Thursday, February 18, 2010

I read about Joseph Stack and his crashing a plane into an IRS building. I also read his manifesto. We're here.

This was a reprehensible act by a coward, striking at people who had nothing to do with his problems. Nothing out of this should be glorified nor used as an example. It's also an amazing trap for the conservative zealots. Just like you can't blame Israel or our Foreign policy for 9/11, you can't blame the government for this. As unfair as taxes are right now, it is not cause for murder.

I expect Glen Beck and Rush Limbaugh to reveal themselves as the anti-american dirtballs they are by implying that this was justified, and that there will be more.

I likewise expect anti-liberty professional politicians to blame this on the "Tea Baggers." They would be equally mistaken. People speaking out against the government is exactly the sort of thing that EASES tensions like this. It doesn't mean however that they won't try to curtail our liberties more as a response to this.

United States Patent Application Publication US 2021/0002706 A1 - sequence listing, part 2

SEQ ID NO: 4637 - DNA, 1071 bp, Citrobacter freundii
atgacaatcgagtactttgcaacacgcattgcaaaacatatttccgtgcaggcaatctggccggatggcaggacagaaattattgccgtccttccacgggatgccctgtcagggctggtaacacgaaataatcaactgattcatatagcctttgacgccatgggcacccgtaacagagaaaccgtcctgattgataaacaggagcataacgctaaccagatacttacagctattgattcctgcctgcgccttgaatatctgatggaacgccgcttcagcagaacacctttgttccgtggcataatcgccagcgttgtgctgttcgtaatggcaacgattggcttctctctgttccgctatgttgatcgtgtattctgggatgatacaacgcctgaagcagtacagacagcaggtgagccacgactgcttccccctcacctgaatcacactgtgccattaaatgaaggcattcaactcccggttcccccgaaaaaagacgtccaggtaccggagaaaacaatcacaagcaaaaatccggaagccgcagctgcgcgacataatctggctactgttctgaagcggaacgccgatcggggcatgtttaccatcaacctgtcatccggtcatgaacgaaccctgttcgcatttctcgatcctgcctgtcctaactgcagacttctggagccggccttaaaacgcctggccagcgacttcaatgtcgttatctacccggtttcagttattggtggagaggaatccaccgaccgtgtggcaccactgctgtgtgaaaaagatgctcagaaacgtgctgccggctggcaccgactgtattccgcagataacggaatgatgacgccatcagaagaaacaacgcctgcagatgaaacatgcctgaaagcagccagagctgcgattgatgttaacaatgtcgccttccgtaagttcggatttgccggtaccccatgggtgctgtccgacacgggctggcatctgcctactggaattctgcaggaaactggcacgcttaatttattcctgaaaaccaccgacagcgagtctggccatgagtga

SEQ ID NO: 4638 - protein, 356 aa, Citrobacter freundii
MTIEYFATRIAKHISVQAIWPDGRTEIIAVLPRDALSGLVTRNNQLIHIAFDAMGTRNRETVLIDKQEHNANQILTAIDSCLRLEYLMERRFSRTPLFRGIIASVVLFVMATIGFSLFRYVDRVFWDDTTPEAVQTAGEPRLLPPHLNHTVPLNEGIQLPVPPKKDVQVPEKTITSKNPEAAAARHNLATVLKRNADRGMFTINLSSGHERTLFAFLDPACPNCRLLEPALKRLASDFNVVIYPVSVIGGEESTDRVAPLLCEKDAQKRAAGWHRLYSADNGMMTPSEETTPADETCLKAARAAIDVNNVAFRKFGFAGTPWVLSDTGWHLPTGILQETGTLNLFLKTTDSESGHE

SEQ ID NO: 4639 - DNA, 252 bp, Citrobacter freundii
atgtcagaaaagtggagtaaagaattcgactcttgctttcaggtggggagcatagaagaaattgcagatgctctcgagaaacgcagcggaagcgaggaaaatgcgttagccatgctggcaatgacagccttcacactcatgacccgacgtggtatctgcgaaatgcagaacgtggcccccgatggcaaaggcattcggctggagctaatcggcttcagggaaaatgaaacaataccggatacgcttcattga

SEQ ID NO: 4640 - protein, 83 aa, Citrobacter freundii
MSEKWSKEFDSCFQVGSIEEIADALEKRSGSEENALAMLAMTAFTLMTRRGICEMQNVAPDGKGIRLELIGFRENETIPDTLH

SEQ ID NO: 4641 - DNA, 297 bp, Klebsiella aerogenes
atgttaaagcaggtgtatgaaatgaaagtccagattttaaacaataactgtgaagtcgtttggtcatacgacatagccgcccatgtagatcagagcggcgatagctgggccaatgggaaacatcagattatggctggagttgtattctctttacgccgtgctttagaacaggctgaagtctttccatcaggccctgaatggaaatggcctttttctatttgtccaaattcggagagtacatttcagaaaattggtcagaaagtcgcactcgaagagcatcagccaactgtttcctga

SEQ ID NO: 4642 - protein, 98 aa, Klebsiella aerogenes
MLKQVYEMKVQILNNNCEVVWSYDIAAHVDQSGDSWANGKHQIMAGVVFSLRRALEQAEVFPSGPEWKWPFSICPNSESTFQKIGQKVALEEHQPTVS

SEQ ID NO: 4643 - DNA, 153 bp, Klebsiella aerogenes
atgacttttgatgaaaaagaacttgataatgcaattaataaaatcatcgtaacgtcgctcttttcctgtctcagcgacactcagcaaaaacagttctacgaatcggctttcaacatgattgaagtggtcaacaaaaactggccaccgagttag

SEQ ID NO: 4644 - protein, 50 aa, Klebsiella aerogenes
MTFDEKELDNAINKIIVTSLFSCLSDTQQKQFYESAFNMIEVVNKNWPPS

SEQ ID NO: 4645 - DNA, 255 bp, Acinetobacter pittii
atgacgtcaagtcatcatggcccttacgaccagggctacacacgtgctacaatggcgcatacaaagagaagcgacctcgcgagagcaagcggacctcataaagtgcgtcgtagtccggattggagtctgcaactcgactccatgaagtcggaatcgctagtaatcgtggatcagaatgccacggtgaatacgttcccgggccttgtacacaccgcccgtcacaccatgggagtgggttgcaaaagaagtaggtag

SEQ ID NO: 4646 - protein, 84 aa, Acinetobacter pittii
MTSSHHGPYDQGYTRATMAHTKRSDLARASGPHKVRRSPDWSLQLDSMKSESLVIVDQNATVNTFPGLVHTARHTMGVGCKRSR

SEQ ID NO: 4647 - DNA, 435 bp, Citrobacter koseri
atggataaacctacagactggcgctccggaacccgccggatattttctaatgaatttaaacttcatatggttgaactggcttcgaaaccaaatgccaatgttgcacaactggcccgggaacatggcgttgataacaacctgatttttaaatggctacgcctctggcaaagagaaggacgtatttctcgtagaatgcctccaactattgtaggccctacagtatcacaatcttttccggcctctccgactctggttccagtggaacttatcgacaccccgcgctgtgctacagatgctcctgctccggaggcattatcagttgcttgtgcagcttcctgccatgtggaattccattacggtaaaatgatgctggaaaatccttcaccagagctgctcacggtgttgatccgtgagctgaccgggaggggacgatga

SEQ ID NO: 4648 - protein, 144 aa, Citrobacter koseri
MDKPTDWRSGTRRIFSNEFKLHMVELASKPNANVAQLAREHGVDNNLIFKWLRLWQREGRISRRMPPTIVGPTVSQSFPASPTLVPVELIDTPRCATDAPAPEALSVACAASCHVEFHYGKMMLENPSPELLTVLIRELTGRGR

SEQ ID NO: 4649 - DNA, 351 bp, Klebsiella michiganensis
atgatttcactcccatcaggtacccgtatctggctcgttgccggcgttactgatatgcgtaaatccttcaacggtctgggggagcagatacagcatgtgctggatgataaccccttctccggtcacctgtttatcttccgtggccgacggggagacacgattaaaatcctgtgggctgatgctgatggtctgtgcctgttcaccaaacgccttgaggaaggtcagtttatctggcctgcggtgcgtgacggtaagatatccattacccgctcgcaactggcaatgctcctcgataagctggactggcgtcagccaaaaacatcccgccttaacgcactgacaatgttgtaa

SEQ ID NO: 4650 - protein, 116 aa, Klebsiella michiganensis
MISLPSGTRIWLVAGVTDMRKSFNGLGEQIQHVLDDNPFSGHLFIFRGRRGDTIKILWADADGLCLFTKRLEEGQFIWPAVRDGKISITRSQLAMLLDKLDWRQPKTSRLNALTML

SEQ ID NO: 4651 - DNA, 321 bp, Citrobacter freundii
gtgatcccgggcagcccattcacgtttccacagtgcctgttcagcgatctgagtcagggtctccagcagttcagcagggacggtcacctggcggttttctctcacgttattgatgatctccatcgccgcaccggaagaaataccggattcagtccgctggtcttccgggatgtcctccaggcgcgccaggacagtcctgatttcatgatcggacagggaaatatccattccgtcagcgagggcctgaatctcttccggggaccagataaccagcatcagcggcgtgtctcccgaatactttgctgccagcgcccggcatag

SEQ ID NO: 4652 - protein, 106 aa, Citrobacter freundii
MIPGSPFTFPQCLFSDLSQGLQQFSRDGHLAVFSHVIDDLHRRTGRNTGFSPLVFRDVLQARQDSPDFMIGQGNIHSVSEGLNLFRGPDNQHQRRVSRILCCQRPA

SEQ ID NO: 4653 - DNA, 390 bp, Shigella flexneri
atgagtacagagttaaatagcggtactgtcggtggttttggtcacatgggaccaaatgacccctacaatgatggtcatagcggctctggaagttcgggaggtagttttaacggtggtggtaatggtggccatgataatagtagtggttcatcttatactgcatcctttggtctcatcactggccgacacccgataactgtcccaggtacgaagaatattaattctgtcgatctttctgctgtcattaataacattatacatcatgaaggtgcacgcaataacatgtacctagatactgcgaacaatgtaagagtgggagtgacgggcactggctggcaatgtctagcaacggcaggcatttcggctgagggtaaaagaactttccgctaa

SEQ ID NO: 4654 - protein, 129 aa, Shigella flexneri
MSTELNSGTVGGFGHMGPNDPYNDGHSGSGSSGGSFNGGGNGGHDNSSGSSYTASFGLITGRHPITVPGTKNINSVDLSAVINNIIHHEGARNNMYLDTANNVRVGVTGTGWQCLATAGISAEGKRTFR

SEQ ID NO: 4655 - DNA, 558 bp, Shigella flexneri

There is a contract between men that we call the rule of law. Without the rule of law -- without the guarantee of liberty and equality of opportunity -- there is no justice. There is certainly a time and place for civil disobedience, but the key word is civil.

I fear however, this is the spark to something really nasty, unless we all speak out. So here's my bit:

I think that government has gone astray, but I respect the constitution and the rule of law. We must reform the country, but we must do so peacefully, and within the rule of law. If we cannot do so without violence, then the system we think we are defending is gone, and there is nothing worth fighting for.

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